The New Jersey Business & Industry Association urged the Senate to reject the wage theft legislation on its agenda Thursday, saying the bill is well-intentioned, but overly punitive and could put employers out of business for inadvertent wage and hour law violations.
The bill, S. 1396, is on the Senate board list for final consideration this afternoon.
“NJBIA shares the belief that the deliberate failure to pay wages should not be tolerated, but we have concerns that language in the bill that is intended to distinguish between negligent and willful and knowingly violations is not consistent throughout,” said Michael Wallace, NJBIA’s director of Employment and Labor Policy and Federal Affairs. “This inconsistent language could result in advertent violations being treated in an overly punitive manner.”
Wallace said NJBIA also opposes the legislation because it broadens the definition of retaliation under state wage and hour laws to include any adverse action against an employee within 90 days of the employee making a complaint about a wage not being paid.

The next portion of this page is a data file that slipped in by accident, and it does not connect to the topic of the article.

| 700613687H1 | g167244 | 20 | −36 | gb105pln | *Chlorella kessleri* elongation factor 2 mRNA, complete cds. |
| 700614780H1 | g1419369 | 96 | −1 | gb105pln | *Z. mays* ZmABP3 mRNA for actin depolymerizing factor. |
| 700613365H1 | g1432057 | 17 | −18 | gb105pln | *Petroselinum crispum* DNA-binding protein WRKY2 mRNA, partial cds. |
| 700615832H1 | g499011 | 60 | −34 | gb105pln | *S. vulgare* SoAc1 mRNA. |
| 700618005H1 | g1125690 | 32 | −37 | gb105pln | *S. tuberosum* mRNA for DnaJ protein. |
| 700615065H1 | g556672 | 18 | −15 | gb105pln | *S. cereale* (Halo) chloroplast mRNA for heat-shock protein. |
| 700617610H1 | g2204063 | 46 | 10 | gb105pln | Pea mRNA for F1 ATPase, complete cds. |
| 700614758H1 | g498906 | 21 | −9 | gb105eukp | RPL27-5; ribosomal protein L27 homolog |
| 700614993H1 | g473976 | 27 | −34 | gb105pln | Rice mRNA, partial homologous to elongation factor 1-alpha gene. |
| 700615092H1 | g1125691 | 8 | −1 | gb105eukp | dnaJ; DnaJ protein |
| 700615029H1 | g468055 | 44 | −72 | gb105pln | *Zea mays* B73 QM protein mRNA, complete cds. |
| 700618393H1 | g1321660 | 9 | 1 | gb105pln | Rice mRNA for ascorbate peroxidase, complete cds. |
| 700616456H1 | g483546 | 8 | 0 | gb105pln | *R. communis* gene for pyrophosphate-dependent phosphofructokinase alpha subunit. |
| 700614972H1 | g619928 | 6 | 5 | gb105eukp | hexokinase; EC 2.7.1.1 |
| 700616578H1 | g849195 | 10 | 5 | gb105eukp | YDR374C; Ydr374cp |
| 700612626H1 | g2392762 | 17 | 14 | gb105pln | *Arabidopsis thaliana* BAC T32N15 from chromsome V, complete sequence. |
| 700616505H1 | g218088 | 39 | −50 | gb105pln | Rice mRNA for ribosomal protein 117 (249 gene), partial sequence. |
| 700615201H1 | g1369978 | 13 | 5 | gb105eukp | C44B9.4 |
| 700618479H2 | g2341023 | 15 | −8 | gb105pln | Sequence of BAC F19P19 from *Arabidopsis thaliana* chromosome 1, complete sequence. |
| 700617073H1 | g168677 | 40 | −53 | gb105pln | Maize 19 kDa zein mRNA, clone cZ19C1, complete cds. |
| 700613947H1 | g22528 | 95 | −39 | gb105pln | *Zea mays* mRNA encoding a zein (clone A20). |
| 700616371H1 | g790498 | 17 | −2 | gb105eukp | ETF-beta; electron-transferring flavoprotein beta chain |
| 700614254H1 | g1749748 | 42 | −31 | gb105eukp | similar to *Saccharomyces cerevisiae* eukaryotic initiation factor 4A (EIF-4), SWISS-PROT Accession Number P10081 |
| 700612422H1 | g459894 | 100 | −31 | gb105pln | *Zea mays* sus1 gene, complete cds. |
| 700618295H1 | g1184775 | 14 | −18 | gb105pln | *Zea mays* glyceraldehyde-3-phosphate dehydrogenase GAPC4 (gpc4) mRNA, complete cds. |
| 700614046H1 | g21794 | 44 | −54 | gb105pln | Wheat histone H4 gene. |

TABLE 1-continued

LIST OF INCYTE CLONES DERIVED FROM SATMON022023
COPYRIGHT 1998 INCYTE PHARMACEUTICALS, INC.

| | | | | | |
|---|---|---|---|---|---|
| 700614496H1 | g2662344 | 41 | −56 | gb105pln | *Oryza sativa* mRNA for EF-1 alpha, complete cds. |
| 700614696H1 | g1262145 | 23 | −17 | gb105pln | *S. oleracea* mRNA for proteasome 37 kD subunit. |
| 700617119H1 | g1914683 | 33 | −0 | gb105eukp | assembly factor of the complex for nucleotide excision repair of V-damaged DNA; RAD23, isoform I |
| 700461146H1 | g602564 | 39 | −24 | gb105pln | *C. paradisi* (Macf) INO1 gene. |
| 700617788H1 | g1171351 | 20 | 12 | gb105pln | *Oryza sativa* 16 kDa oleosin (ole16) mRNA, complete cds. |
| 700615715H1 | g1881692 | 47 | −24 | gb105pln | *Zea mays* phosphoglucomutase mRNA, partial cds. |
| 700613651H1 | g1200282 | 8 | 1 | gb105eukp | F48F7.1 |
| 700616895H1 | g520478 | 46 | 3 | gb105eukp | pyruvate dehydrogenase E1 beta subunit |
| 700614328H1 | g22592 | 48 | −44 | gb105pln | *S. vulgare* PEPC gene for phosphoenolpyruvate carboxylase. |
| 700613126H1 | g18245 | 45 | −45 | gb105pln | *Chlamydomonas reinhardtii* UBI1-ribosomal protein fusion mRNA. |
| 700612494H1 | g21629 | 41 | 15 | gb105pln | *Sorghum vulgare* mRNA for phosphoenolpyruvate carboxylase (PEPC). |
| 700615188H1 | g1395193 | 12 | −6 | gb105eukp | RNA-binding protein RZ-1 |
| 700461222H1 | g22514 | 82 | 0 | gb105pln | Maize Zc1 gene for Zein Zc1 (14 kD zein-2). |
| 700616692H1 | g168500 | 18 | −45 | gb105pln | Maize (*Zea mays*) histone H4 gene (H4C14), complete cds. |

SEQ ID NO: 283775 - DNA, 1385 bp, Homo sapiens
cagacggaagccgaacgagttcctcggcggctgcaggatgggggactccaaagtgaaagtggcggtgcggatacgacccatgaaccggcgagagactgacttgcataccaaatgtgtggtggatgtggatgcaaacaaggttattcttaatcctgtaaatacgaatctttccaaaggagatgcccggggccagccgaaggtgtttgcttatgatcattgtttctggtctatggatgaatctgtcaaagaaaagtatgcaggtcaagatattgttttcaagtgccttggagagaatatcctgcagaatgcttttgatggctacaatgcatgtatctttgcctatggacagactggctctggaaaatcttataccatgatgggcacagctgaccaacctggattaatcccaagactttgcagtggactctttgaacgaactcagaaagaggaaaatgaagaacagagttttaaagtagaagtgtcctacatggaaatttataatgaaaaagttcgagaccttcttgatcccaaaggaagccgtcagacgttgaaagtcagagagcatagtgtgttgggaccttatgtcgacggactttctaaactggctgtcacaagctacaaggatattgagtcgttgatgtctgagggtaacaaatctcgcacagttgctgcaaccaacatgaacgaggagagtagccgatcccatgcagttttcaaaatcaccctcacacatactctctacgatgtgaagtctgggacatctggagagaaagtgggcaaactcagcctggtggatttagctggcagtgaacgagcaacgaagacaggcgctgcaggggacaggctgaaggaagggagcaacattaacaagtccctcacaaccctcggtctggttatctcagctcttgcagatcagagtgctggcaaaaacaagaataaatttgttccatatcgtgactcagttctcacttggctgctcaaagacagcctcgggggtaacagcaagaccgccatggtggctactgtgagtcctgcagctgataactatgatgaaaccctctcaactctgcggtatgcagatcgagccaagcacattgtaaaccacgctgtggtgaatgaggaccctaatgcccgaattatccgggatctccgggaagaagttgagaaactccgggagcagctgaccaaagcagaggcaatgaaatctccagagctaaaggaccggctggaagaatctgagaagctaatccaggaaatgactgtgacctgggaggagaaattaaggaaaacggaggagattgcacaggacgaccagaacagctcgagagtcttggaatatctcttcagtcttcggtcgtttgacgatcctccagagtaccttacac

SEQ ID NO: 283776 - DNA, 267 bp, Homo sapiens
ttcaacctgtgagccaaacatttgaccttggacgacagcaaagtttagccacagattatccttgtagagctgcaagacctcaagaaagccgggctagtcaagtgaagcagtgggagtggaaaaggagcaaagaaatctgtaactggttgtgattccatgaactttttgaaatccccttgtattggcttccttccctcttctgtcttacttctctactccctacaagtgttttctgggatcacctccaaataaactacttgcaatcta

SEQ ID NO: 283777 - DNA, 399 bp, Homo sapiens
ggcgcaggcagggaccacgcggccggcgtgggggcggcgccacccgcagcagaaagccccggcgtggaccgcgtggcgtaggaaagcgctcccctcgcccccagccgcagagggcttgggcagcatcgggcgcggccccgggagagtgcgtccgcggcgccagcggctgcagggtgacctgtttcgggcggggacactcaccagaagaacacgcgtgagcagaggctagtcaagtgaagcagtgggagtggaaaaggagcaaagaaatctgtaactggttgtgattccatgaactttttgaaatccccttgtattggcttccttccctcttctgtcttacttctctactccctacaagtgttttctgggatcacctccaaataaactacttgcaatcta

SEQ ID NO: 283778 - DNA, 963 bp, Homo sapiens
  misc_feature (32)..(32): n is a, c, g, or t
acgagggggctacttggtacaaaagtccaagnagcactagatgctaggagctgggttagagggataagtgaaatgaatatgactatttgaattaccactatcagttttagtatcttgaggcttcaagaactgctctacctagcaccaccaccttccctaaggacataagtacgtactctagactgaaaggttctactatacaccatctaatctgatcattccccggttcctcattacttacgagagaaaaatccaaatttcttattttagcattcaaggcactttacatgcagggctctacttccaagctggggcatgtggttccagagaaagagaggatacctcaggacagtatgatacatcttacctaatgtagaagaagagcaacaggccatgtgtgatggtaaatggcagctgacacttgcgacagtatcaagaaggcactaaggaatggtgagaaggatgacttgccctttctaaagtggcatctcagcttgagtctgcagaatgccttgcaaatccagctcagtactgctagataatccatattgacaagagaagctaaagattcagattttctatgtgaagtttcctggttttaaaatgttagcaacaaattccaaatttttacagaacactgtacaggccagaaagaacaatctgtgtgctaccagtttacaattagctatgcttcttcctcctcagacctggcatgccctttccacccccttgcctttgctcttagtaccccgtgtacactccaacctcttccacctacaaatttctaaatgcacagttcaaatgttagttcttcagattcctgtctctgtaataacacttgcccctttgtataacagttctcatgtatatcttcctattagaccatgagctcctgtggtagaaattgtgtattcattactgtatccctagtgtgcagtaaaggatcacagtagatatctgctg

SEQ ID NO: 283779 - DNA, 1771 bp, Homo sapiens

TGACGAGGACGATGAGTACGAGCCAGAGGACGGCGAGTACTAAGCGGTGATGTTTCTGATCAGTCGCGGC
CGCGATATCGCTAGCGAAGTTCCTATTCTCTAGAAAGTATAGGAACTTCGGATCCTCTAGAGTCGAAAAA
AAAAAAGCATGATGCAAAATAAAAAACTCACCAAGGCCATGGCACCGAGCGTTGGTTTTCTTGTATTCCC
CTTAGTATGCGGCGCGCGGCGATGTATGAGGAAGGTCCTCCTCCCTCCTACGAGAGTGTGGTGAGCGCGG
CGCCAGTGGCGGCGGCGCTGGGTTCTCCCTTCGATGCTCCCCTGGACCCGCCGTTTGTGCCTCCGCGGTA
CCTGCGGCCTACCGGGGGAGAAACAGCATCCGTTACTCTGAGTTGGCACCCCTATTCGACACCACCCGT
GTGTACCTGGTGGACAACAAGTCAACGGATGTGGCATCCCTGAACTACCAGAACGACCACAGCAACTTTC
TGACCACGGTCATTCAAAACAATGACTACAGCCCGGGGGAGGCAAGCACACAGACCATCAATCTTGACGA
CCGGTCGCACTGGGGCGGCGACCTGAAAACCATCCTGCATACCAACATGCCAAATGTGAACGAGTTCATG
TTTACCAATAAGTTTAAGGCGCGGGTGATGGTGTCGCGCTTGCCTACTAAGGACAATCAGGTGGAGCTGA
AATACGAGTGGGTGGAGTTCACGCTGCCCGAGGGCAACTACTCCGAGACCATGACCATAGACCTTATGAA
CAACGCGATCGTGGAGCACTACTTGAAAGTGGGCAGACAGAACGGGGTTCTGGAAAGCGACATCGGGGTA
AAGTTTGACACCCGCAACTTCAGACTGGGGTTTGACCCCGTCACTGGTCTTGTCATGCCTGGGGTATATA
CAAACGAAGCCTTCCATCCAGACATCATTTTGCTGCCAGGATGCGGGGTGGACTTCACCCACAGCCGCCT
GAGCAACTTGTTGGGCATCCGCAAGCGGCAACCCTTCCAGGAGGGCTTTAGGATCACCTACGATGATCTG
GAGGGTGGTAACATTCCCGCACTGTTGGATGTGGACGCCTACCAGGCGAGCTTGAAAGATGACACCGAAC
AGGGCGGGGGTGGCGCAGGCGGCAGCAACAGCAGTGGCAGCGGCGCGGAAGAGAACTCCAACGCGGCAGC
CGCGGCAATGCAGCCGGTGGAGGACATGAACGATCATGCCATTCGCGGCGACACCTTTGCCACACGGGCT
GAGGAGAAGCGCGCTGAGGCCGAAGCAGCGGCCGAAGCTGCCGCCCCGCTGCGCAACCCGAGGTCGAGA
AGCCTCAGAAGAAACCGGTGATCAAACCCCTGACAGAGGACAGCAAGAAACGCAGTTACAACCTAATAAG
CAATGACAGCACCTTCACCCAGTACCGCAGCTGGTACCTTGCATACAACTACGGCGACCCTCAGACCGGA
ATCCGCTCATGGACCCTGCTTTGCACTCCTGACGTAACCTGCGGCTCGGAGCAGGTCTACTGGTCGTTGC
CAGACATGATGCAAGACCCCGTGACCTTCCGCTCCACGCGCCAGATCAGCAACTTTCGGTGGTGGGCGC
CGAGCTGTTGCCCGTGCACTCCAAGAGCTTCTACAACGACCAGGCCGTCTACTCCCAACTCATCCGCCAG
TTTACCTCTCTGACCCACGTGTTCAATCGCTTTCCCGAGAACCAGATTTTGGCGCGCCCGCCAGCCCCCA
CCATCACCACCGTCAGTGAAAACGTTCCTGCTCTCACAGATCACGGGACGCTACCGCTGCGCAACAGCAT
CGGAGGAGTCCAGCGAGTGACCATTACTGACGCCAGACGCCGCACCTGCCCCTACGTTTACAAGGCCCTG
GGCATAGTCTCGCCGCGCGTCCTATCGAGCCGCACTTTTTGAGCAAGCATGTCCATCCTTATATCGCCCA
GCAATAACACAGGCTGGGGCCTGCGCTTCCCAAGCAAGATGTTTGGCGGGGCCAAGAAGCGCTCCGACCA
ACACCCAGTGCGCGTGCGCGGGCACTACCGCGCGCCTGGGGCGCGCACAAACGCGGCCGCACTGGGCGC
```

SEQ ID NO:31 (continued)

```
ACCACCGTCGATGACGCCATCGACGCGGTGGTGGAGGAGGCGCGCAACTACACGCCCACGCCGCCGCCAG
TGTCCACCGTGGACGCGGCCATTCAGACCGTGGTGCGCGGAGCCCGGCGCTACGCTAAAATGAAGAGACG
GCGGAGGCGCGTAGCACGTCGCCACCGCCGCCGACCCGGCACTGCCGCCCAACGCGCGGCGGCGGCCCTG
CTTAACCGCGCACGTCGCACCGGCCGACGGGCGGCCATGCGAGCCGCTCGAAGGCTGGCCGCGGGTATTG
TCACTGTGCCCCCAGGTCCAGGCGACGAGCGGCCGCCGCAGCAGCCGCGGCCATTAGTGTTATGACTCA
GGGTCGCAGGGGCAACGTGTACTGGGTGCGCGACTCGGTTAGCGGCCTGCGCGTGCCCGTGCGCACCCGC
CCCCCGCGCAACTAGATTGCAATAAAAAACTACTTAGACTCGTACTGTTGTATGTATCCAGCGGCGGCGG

“Courts have interpreted adverse actions differently,” Wallace pointed out. “If an employer is forced to make a change to the employee’s job responsibilities or take disciplinary action as a result of an employee action within the 90 days of a wage complaint, this could be considered an adverse action under the terms of this legislation.”
In addition, the legislation also includes a provision that a client employer and a labor contractor providing workers to the client company would be subject to joint and several liability and share civil legal responsibility for any violations of the provisions of the state wage and hour laws.
“We feel this provision would be disruptive to the subcontractor business model and subject contracting companies to unknown liability entirely outside of their control,” Wallace said.